We’re trying something a bit different here with the injury reports, to make sure that you get the best information about your favorite SEC teams in the best way.
So instead of one overall SEC Injury Report as we’ve done, we’re breaking things down a bit differently. Let us know on Facebook if you like it!
Arkansas’ Jeremy Sprinkle should be OK
“Spotted wearing a walking boot.” It seems like a significant detail, but this oft-heard phrase around football is less and less meaningful it seems. Walking boots are typically precautionary measures early in the week, handed out quickly almost the way crutches used to be.
One key is that they’re much easier to pack for travel, so on the road, they’re more likely to be used. He tweeted out Thursday that he was at 100 percent, which has to be a good sign.
While Sprinkle hasn’t had more than 4 receptions in a game this season, he’s a big target in the red zone. At 6-foot-6 and 256 pounds, and athletic for his size, Sprinkle is reminiscent of someone like Antonio Gates. Given 4 touchdowns in just 23 receptions, it’s clear that Austin Allen is looking for the big man down there.
Sprinkle needs to be just fast enough to get off the line, then post up in the end zone, using that big body to his advantage. Gates played well through some serious foot and ankle issues, so Sprinkle would do well to take a lesson. He could well follow Hunter Henry into the NFL if he does.
How much will we see of Kamryn Pettway?
A big, bruising back like Pettway often takes as much punishment as he gives out. If you think about it like a car crash, both cars take damage. Pettway missed practice at least once this week after the team said he “pulled something” late in the Vanderbilt game.
It was clear on video that this was a muscle strain, likely to the quad or hamstring, so missing some time isn’t unusual. Depending on how severe the strain is and the location, it can take anywhere from a couple days to a couple weeks to return. There is some recurrence risk, especially early in the healing process.
However, reports from the team offered conflicting information. Did he practice or didn’t he? That’s still an unknown, but Pettway will make the trip with the team. Kerryon Johnson could take the bulk of the carries, but Pettway’s availability remains a question mark. Pettway did miss time earlier this season with what the team called a thigh bruise, and he came back both quickly and well.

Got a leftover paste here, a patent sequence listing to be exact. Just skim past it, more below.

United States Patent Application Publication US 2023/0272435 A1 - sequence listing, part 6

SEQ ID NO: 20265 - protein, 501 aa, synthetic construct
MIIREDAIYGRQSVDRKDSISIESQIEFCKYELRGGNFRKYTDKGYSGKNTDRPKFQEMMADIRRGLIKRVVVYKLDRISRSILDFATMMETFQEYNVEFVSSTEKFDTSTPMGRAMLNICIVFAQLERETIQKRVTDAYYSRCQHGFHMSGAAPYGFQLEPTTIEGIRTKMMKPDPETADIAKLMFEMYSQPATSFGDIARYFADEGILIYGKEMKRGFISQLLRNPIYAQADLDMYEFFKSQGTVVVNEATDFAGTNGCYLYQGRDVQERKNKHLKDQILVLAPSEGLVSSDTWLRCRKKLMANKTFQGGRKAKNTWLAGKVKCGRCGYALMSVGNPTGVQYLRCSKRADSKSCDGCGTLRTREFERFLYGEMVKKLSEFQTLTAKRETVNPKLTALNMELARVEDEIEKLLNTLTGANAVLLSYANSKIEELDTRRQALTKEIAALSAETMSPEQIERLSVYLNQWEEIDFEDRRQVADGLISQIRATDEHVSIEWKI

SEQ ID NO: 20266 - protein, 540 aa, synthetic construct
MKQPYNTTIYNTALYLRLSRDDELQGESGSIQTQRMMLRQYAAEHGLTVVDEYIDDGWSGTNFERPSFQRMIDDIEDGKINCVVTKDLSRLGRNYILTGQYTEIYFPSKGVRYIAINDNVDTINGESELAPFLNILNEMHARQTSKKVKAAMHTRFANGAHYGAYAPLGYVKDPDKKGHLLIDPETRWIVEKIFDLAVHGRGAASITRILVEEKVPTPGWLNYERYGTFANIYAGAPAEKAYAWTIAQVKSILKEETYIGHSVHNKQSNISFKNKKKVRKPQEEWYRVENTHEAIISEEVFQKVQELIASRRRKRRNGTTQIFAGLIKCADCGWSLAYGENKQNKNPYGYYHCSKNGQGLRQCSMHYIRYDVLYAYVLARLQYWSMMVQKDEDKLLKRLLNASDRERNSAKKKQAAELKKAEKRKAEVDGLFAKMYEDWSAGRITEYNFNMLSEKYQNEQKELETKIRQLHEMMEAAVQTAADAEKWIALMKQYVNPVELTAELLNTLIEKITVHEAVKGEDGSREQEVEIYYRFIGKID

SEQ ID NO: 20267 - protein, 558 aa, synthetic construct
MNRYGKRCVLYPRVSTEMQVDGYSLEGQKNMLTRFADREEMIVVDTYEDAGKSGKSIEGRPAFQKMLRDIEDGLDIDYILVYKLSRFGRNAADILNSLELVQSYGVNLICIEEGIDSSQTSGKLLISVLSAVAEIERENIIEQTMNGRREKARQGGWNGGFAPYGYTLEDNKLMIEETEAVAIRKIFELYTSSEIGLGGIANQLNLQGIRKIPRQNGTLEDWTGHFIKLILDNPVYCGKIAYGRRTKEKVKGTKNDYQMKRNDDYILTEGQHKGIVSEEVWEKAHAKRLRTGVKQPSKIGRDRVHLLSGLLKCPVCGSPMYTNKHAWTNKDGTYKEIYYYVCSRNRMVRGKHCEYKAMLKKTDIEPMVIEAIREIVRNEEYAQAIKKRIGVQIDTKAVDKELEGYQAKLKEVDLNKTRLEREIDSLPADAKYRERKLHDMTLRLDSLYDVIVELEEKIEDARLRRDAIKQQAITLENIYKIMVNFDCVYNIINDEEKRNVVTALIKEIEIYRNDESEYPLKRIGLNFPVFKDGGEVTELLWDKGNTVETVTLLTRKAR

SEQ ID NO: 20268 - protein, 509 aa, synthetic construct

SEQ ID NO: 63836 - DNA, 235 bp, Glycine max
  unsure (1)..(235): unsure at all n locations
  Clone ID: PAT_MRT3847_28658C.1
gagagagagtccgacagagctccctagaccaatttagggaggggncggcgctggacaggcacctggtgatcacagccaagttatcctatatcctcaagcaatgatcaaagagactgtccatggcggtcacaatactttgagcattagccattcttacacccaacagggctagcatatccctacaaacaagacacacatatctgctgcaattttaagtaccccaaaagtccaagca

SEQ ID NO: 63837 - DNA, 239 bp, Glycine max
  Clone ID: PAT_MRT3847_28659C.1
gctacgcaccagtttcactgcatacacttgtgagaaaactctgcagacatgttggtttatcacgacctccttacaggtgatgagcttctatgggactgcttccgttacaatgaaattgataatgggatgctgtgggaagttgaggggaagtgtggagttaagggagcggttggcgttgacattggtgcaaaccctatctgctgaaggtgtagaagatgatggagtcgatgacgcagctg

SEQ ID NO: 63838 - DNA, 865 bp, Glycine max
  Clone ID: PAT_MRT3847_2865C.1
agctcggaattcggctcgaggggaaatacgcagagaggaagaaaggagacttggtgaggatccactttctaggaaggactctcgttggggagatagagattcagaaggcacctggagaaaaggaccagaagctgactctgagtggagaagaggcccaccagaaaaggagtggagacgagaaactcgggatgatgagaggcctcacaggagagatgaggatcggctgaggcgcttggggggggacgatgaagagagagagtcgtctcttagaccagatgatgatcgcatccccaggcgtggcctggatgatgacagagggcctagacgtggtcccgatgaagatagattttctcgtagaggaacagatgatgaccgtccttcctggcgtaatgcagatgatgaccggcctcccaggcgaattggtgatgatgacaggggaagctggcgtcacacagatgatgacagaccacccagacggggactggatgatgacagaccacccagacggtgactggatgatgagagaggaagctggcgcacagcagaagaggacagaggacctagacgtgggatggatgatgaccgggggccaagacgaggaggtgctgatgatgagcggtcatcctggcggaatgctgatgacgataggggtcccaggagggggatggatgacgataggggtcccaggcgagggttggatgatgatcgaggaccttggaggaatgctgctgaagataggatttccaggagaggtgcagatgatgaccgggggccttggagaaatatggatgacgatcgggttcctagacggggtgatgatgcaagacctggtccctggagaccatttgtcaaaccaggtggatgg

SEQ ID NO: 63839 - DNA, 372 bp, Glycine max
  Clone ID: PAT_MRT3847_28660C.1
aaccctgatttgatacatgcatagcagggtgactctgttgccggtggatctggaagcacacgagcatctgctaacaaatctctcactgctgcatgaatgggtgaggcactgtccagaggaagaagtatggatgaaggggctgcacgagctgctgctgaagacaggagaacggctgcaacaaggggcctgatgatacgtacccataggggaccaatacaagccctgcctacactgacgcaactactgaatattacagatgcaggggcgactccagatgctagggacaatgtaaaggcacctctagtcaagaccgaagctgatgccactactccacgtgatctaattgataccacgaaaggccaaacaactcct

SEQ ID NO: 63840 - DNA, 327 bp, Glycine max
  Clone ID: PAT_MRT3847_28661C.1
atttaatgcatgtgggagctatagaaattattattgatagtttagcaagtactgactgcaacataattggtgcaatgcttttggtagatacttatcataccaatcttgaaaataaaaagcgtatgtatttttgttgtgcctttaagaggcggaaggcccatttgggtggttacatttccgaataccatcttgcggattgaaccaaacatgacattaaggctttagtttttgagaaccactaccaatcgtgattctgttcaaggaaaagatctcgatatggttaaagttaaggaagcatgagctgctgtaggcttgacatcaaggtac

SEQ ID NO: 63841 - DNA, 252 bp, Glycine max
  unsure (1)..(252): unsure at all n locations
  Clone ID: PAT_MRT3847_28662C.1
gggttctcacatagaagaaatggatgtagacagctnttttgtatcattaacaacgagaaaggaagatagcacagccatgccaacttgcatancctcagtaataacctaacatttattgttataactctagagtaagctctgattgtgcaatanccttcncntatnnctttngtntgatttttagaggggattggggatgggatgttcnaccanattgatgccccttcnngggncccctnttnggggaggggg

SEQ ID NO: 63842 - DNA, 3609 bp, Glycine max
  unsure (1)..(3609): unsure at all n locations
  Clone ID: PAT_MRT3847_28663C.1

How much can Reggie Davis do for Georgia?
Davis is a big question mark for this week’s game, but he’s not the only one. Much of the wide receiver depth chart for Kirby Smart’s team is hurting, with Davis perhaps the biggest concern. Davis suffered a mild AC sprain, which is the joint between the collarbone and the shoulder itself.
Not only is this painful, but it can limit motion. For a receiver that has to reach out, pull in the ball, fight with defensive backs and land on the ground, that kind of injury is very problematic.
AC sprains come in degrees, so it’s tough to tell how this will affect Davis, but there’s no way to brace it without limiting his motion, and shoulder pads really don’t help protect this kind of injury.
Assuming the medical staff deems it safe, one thing Davis could do is run. That would make him, at worst, a decoy or a guy who could be put into patterns to help the team. Given injuries to other receivers, there’s value in that.
UK QB Drew Barker’s upcoming surgery
While the Wildcats aren’t offering specifics on what surgery Barker will undergo on his back, one thing is clear — he’s out for the season. Barker has had issues with his back all season, and while I could not confirm the details of his surgery, all the symptoms have matched up with a simple herniated disc, including pain and loss of function.
The medical staff and Barker did all they could to maintain him through the season, but they reached a point where a decision had to be made. Looking at the calendar, I wonder if the team is counting back from spring practice for the surgery date.
There are a couple possibilities for the surgery, a microdiscectomy and a spinal fusion. If Barker has a microdiscectomy, where part of the disc is removed, he could return in time for spring practice and be well healed by the fall. However, a fusion, where the disc is removed and hardware is inserted to lock two of the vertebrae together, would make a return much, much tougher. The surgery will come over Thanksgiving week, so Barker’s future should be known shortly after.